Samsung Electronics Co. Chairman Lee Kun-hee won an inheritance case at a Seoul appeals court Thursday against his estranged brother demanding 940 billion won ($850 million) in stakes in the group's units.
Upholding a lower court decision allowing Lee to keep his holdings in the group's key subsidiaries, the Seoul High Court ruled against the chairman's eldest brother, Lee Maeng-hee.
With the ruling, the country's richest man was able to keep his holdings in the companies, including Samsung Life Insurance Co. and Samsung Electronics that the brother claimed were hidden from him after the death of their father, Samsung founder Lee Byung-chull.
The court said that some of the stocks demanded by the brother were actually left to him by their late father, but the 10-year period for inheritance claims had already expired. Other stocks could not be viewed as part of their inheritance, the court added.
Lee Maeng-hee, who virtually controls food and media conglomerate CJ Group, first launched the suit in 2012, accusing the chairman of secretly taking ownership of the stocks that their father left in a trust under a third person's name before his death.
It later became 4.08 trillion won in civil suits with the participation of an elder sister, Lee Sook-hee, and the family of the founder's deceased son.
The high-stakes legal fight highlighted a deep discord between the brothers, who denounced each other in public as the battle unfolded.
The other siblings, who had participated in the civil suits, did not file for appeals following their loss at the Seoul Central District Court in January 2013.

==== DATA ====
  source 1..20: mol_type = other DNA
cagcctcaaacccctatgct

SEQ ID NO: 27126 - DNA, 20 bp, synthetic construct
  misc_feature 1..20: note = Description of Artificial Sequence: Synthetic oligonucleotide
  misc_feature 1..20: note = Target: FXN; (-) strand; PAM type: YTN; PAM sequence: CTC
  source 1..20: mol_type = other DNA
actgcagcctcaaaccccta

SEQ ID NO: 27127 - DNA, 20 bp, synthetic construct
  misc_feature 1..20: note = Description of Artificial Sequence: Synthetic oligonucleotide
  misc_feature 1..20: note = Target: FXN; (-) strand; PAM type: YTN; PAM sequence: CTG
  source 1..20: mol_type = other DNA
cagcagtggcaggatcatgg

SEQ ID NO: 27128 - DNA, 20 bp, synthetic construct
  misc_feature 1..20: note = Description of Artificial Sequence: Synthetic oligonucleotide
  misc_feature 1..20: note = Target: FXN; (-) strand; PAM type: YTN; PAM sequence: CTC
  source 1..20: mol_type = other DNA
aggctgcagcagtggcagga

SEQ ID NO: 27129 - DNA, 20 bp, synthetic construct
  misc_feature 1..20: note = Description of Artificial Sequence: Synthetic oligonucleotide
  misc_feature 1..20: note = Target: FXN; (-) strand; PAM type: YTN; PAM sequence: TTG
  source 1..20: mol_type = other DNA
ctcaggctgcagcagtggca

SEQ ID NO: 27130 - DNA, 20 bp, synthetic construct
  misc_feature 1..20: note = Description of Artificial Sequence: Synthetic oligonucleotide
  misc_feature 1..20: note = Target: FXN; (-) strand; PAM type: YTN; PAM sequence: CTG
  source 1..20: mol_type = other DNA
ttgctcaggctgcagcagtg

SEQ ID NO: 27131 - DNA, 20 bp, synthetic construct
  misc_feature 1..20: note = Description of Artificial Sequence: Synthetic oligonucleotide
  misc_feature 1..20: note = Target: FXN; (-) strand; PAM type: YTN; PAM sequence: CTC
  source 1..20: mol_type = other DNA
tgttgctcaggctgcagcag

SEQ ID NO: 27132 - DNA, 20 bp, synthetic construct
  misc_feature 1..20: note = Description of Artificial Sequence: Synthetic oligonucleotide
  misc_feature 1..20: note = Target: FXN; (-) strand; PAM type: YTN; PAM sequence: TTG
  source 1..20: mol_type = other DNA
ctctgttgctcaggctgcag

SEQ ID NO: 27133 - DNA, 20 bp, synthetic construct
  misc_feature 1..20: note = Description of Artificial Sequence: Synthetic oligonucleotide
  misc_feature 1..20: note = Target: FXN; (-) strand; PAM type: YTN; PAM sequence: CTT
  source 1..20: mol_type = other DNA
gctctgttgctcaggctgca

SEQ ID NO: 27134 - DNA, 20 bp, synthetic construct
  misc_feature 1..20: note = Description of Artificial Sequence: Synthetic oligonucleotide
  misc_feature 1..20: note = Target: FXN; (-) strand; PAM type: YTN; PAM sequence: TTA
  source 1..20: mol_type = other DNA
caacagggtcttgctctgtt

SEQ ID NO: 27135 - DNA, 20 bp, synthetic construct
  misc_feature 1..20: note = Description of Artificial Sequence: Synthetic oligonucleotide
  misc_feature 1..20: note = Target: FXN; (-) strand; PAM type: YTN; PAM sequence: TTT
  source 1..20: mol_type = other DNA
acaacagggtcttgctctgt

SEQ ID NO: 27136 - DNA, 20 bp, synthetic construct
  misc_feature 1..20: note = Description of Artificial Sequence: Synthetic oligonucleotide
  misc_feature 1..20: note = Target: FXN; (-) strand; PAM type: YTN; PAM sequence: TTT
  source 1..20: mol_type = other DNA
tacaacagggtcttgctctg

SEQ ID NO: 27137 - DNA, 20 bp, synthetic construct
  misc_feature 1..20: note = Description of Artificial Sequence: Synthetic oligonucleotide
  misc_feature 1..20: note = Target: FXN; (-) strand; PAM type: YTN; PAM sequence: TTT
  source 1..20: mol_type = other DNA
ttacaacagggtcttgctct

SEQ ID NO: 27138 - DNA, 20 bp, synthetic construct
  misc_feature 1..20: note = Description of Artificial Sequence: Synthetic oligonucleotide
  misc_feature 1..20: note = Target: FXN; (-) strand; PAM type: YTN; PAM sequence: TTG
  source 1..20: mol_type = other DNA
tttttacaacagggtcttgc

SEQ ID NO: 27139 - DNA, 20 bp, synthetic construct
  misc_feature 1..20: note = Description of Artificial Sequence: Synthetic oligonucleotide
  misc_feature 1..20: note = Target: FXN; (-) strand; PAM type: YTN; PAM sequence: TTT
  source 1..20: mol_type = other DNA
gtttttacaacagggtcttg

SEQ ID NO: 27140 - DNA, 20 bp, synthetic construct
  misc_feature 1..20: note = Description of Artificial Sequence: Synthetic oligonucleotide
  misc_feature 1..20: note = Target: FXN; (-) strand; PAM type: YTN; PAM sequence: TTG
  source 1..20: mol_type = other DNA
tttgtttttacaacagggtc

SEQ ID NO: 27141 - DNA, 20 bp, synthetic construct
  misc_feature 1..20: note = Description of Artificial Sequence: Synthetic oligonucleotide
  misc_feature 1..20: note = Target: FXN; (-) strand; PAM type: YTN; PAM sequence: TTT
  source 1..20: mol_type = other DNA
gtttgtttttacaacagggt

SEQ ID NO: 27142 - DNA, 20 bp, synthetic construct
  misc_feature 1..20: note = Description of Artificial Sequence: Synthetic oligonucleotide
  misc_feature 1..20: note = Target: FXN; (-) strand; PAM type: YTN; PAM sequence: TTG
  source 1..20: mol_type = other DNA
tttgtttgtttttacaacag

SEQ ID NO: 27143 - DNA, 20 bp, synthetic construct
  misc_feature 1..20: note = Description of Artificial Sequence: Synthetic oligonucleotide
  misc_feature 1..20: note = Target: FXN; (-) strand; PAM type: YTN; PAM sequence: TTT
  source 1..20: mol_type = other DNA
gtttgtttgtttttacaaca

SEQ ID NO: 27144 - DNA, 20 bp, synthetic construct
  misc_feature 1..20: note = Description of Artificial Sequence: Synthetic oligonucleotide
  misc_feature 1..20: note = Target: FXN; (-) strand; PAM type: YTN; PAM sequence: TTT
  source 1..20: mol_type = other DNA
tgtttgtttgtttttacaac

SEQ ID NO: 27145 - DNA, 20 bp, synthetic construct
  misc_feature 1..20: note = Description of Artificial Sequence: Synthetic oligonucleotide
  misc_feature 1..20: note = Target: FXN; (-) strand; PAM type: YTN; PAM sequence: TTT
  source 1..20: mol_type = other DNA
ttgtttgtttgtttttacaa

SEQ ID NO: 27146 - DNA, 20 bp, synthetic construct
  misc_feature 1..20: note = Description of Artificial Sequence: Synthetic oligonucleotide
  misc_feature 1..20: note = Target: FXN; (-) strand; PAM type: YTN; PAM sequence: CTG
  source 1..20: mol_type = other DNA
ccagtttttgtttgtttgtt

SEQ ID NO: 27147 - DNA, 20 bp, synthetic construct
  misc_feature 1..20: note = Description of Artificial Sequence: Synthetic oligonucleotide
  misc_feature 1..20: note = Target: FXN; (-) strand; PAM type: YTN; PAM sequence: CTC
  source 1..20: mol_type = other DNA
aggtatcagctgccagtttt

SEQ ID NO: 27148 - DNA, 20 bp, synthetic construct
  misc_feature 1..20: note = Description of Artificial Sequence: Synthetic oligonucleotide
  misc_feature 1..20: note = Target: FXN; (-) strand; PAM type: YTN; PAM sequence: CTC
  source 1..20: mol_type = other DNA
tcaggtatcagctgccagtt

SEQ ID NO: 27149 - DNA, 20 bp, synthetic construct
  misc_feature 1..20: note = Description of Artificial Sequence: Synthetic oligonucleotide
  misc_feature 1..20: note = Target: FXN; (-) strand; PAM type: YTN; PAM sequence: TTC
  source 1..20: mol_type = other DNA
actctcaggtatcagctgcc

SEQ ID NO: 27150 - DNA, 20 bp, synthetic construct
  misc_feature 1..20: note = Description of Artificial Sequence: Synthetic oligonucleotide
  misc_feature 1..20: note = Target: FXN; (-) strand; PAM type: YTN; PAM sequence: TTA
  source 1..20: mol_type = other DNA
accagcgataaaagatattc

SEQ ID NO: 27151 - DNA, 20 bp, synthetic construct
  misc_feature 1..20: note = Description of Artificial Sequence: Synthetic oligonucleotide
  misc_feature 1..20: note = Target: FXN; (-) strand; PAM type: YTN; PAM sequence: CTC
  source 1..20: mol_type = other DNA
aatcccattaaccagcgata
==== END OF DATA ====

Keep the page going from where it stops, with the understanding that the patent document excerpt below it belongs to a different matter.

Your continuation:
The elder Lee also trimmed down the damage claims from 4 trillion won to 940 billion won, saying that he wants to reconcile with the chairman.
The Samsung owner did not accept the gesture, saying that his elder brother became covetous as Samsung emerged as a global industrial behemoth.
The late Lee, who founded Samsung in 1938, had eight children and left the majority of his wealth to the Samsung Electronics chairman, his second living son, when he died in 1987.
The ruling was closely watched as the verdict against Lee could have resulted in influencing a cross-shareholding structure of the country's largest conglomerate. The entangled cross-share ownership structure allows a handful of people with small stakes to control the decision-making process of all of their subsidiaries.
Samsung Group is well known for its complicated governance structure that involves affiliates Samsung Card, Samsung Everland, Samsung Life Insurance and Samsung Electronics.
In 2012, Lee promoted his only son Lee Jae-yong to vice chairman of Samsung Electronics, putting the 45-year-old closer to the top leadership position of the world's largest manufacturer of memory chips, smartphones and TVs.
Following the verdict, a lawyer representing Lee Maeng-hee, who had spent nearly 17 billion won on the lawsuit, said he will consult with his client before deciding whether to file an appeals with the nation's top court. (Yonhap News)